I’m also hoping other publishers, once they realize that they are no less a part of the surveillance economy than Facebook and Cambridge Analytica, will help out too.

[Later…] Not long after this post went up I talked about these topics on the Gillmor Gang. Here’s the video, plus related links.

I think the best push-back I got there came from Esteban Kolsky, (@ekolsky) who (as I recall anyway) saw less than full moral equivalence between what Facebook and Cambridge Analytica did to screw with democracy and what the New York Times and other ad-supported pubs do by baring the necks of their readers to dozens of data vampires.

He’s right that they’re not equivalent, any more than apples and oranges are equivalent. The sins are different; but they are still sins, just as apples and oranges are still both fruit. Exposing readers to data vampires is simply wrong on its face, and we need to fix it. That it’s normative in the extreme is no excuse. Nor is the fact that it makes money. There are morally uncompromised ways to make money with advertising, and those are still available.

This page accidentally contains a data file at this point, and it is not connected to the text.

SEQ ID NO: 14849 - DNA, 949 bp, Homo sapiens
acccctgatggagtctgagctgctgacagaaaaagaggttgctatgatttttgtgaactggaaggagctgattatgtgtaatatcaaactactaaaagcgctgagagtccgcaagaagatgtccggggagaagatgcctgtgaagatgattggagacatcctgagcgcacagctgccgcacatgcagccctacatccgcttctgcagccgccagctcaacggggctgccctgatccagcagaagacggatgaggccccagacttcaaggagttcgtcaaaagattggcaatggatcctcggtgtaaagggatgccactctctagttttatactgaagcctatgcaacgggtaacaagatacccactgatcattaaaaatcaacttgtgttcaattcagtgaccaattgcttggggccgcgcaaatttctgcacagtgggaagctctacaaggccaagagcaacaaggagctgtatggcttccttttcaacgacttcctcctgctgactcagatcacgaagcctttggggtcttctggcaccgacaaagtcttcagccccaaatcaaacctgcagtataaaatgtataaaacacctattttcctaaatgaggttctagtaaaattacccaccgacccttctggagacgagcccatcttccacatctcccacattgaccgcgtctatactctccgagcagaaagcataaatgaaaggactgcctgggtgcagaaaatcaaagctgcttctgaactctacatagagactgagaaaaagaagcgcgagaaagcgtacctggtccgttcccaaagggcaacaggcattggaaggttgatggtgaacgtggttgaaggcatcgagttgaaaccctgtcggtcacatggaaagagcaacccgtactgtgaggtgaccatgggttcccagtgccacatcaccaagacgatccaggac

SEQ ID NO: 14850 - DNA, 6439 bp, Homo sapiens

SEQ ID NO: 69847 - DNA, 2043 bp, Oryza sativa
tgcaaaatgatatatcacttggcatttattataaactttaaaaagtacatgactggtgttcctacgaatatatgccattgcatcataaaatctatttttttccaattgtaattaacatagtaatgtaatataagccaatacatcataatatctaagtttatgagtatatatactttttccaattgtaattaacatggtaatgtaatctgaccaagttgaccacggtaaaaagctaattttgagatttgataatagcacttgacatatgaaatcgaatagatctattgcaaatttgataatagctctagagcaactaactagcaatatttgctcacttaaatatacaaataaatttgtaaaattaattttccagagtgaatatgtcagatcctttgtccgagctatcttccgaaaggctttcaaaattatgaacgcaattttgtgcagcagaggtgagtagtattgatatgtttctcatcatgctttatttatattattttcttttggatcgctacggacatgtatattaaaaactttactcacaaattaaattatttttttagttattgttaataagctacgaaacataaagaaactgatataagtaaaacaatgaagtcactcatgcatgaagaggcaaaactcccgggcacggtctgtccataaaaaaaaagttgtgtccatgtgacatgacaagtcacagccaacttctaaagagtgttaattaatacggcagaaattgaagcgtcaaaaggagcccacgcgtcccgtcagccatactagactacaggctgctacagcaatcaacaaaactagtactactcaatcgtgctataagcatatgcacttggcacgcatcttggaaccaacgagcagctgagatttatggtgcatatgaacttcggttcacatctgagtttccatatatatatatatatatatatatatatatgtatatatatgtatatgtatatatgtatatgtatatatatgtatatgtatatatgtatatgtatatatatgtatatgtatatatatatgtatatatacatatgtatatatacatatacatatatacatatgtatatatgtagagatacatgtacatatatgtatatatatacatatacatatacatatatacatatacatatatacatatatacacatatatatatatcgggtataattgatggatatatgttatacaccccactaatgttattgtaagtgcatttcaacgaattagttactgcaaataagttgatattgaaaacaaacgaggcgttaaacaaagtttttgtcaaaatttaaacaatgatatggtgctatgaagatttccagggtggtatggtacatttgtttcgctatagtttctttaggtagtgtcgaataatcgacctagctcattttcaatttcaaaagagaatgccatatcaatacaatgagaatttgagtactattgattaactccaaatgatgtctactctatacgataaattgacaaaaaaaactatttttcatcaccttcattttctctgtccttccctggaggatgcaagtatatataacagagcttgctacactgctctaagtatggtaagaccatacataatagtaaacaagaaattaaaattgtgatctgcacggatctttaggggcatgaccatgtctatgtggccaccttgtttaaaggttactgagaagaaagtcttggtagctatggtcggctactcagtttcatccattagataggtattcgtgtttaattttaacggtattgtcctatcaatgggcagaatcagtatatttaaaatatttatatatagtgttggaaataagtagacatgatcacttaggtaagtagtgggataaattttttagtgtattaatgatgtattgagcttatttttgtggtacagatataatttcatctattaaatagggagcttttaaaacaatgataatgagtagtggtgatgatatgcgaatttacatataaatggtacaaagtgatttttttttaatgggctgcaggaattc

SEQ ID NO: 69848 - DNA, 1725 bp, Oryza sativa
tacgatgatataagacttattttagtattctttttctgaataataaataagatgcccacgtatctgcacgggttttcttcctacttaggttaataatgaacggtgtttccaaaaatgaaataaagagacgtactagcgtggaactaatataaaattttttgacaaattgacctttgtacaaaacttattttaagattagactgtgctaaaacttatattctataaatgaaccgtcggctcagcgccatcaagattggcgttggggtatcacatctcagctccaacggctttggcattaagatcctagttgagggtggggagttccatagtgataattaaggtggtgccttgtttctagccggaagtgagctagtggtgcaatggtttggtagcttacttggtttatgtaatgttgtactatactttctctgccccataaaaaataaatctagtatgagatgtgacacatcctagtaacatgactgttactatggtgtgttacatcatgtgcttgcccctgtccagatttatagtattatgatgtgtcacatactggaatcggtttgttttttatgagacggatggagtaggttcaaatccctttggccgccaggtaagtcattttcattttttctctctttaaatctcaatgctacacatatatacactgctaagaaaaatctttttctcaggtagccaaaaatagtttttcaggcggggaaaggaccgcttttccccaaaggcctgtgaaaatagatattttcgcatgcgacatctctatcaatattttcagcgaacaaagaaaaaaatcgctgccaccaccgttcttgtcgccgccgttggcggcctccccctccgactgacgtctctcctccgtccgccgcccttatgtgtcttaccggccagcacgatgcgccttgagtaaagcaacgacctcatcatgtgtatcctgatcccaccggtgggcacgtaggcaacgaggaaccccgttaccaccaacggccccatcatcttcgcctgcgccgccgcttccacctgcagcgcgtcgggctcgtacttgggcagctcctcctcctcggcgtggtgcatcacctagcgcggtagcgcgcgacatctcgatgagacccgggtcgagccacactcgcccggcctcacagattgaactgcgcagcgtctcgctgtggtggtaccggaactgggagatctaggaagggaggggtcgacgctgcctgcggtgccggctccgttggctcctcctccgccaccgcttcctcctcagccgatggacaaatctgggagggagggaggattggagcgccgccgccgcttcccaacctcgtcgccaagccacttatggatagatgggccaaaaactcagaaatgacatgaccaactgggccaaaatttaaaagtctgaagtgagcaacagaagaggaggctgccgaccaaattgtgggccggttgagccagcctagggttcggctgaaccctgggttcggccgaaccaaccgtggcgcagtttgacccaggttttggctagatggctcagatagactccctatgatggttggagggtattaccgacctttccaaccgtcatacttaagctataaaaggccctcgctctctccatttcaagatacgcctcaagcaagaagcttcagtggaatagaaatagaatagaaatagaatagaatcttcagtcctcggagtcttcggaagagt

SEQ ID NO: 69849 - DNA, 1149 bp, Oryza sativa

Another push-back is the claim by many adtech third parties that the personal data blood they suck is anonymized. While that may be so, correlation is still possible. See Study: Your anonymous web browsing isn’t as anonymous as you think, by Barry Levine (@xBarryLevine) in Martech Today, which cites De-anonymizing Web Browsing Data with Social Networks, a study by Jessica Su (@jessicatsu), Ansh Shukla (@__anshukla__) and Sharad Goel (@5harad)
of Stanford and Arvind Narayanan (@random_walker) of Princeton.

(Note: Facebook and Google follow logged-in users by name. They also account for most of the adtech business.)

One commenter below noted that this blog as well carries six trackers (most of which I block).. Here is how those look on Ghostery:

So let’s fix this thing.

[Later still…] Lots of comments in Hacker News as well.